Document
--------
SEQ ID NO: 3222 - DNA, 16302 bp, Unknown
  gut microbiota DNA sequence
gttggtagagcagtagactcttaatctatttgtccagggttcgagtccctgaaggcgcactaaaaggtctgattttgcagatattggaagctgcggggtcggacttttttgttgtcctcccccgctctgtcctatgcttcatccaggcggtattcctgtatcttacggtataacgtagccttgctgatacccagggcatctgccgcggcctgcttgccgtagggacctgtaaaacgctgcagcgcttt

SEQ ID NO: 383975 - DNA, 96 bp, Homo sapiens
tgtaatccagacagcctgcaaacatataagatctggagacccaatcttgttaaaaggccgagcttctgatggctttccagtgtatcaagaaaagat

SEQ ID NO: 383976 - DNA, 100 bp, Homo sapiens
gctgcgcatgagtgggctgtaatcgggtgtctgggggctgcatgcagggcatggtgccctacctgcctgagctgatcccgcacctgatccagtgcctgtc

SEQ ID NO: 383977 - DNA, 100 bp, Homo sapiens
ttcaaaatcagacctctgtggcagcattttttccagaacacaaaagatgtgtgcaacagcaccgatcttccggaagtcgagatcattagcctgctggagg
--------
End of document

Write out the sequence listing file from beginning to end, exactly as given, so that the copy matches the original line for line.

SEQ ID NO: 3222 - DNA, 16302 bp, Unknown
  gut microbiota DNA sequence
gttggtagagcagtagactcttaatctatttgtccagggttcgagtccctgaaggcgcactaaaaggtctgattttgcagatattggaagctgcggggtcggacttttttgttgtcctcccccgctctgtcctatgcttcatccaggcggtattcctgtatcttacggtataacgtagccttgctgatacccagggcatctgccgcggcctgcttgccgtagggacctgtaaaacgctgcagcgcttt

SEQ ID NO: 383975 - DNA, 96 bp, Homo sapiens
tgtaatccagacagcctgcaaacatataagatctggagacccaatcttgttaaaaggccgagcttctgatggctttccagtgtatcaagaaaagat

SEQ ID NO: 383976 - DNA, 100 bp, Homo sapiens
gctgcgcatgagtgggctgtaatcgggtgtctgggggctgcatgcagggcatggtgccctacctgcctgagctgatcccgcacctgatccagtgcctgtc

SEQ ID NO: 383977 - DNA, 100 bp, Homo sapiens
ttcaaaatcagacctctgtggcagcattttttccagaacacaaaagatgtgtgcaacagcaccgatcttccggaagtcgagatcattagcctgctggagg